The court argued that if we allowed polygamy, how long before someone argued that human sacrifice was a necessary part of their religion. The Court recognized that religious practice could not be accepted as justification for an overt criminal act; that to permit a man to excuse his unlawful practices because of his religious belief “would be to make the professed doctrines of religious belief superior to the law of the land, and in effect to permit every citizen to become a law unto himself. Government could exist only in name under such circumstances.” (98 U.S. 167)

The Court believed the true spirit of the First Amendment was that Congress could not legislate against opinion but could legislate against action.

The criminals in the FLDS cult should and must be prosecuted for their crimes under the Texas Penal Code, other Texas Statutes and the U.S. Code. Their victims should receive all the aid and protection afforded by the U.S. and Texas Constitutions and Texas State Codes.
28. Skeptic Says:
April 9, 2008 at 11:03 am

The search warrants will be the issue here not polygamy. Allowing hatred of these people to cloud legal judgment is not wise. The courts will be the arbitrator in this case. I have seen a lot of legal debate on this subject over the last few days and I have yet to see a single attorney agree with how this warrant was executed. I had never heard of this religion until a few days ago and do not agree with the religion they practice. This is a legal battle that will be resolved in the courts not on blogs where passion overtakes judgment.

If the search warrant used is based on false information to achieve a result it will be quashed. If the allegations are proven and the warrant is upheld the reach of the warrant will to be adjudicated. I do not make judgments on the religious nature of the church; I am concerned about the techniques used to achieve the end result. Activists are quick to toss freedoms in the garbage when they feel they have the only answer. Americans must always be diligent and keep everyone involved in cases like this honest.

Religion is going to be the centerpiece because the authorities made a sweeping accusation that applies to the entire organization instead of a thorough case by case adjudication of each case. Argument based on emotion not law is a very unstable philosophy. If abuses occurred they must be prosecuted according to Texas state law. The Supreme Court Reynolds v. United States case is based on a single litigant not an entire organization and that is a very important legal distinction. The reach of the warrant has entered new territory and the courts will be the final arbiter in this case. We will not see the final result of this action for many years.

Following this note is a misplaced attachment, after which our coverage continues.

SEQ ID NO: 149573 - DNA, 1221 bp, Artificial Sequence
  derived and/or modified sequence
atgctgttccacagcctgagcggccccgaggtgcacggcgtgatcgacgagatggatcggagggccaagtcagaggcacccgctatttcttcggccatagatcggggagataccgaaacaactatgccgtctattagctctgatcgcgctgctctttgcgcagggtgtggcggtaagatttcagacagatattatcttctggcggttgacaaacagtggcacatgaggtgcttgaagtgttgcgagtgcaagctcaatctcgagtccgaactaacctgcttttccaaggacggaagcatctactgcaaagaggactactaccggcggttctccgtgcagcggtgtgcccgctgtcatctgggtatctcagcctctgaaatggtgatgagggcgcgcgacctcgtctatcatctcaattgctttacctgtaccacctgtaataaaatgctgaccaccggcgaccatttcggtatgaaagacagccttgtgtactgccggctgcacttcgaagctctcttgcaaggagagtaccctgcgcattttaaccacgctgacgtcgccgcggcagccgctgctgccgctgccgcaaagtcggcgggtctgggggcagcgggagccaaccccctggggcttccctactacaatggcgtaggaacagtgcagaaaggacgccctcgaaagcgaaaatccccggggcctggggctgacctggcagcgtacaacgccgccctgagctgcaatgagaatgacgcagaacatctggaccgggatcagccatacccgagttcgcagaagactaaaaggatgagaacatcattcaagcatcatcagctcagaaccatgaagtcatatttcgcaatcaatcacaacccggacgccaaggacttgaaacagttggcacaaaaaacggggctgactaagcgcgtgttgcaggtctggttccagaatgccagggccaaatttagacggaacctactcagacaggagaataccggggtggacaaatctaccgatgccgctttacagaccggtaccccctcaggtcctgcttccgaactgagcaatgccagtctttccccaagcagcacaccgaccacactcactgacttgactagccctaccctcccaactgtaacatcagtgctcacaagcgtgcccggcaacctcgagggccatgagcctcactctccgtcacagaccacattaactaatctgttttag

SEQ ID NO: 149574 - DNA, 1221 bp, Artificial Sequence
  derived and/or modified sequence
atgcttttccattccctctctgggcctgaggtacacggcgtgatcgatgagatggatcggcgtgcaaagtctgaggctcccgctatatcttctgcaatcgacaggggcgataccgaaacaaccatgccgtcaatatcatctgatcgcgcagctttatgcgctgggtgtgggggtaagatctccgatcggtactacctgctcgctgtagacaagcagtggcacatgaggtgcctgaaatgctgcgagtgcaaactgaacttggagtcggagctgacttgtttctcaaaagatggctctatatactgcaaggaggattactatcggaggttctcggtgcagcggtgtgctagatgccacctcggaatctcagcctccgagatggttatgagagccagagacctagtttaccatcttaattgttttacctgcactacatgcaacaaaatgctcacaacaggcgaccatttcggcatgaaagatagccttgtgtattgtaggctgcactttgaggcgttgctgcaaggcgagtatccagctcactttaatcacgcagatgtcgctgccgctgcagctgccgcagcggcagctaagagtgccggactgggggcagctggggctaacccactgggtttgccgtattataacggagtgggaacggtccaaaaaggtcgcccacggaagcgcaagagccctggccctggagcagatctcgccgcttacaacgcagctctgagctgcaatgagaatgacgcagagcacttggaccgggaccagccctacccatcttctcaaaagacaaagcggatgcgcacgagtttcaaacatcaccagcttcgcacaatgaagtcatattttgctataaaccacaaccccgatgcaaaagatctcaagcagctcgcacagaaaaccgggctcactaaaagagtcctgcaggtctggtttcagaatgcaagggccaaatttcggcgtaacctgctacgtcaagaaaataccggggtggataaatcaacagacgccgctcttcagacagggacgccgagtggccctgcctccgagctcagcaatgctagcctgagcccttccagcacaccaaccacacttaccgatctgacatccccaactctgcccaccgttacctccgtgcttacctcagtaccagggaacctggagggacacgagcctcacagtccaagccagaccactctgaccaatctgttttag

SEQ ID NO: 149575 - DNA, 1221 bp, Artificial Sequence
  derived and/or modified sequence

The Supreme Court Reynolds v. United States:
The version of Jefferson’s Danbury letter which the Court used in Reynolds v. United States was in fact a mistaken transcription. While the Court quoted Jefferson as writing, “the legislative powers of the government reach actions only, and not opinions”, Jefferson’s original handwriting reads “the legitimate powers of the government reach actions only, and not opinions.”
29. Dr. D. E. Stevenosn, Ph.D. Says:
April 9, 2008 at 5:36 pm

The U.S. Supreme Court’s transcription of Jefferson’s Danbury letter used in Reynolds v. United States was in fact a mistaken transcription, but it was not a misreading. The decision, however biased and prejudiced against the Mormons, is now law. And it is based on the actual read of “the legitimate powers of the government reach actions only, and not opinions.”

If religion is the centerpiece, then the FLDS criminals have lost already. More than a dozen precedents in the US Supreme Court go against religion as a defense of criminal activities. The defense has to be the narrowness of the warrant, which concerned a Jane Doe allegation of specific abuse. The warrant has not yet yielded specific evidence brought by the allegation. What it has yielded is evidence of a much larger, organized criminal activity. This evidence may be thrown out if the warrants came as a result of prejudice against the religious practices, previous criminal activity and other bad actions of the defendants.

This may let many of the senior and elderly women on the YFZ ranch off. Both of the men will go to prison for between two and five years. The two men both committed violations of the Texas Penal Code (TPC) for which juries in Texas always convict. These are resisting search (8 TPC 38.03), interference with an officer in the performance of his duty (8 TPC 38.15), and tampering with evidence (8 TPC 37.09). Each offense carries a mandatory minimum of 5 years in prison. These boys are going to be in Huntsville for a long time.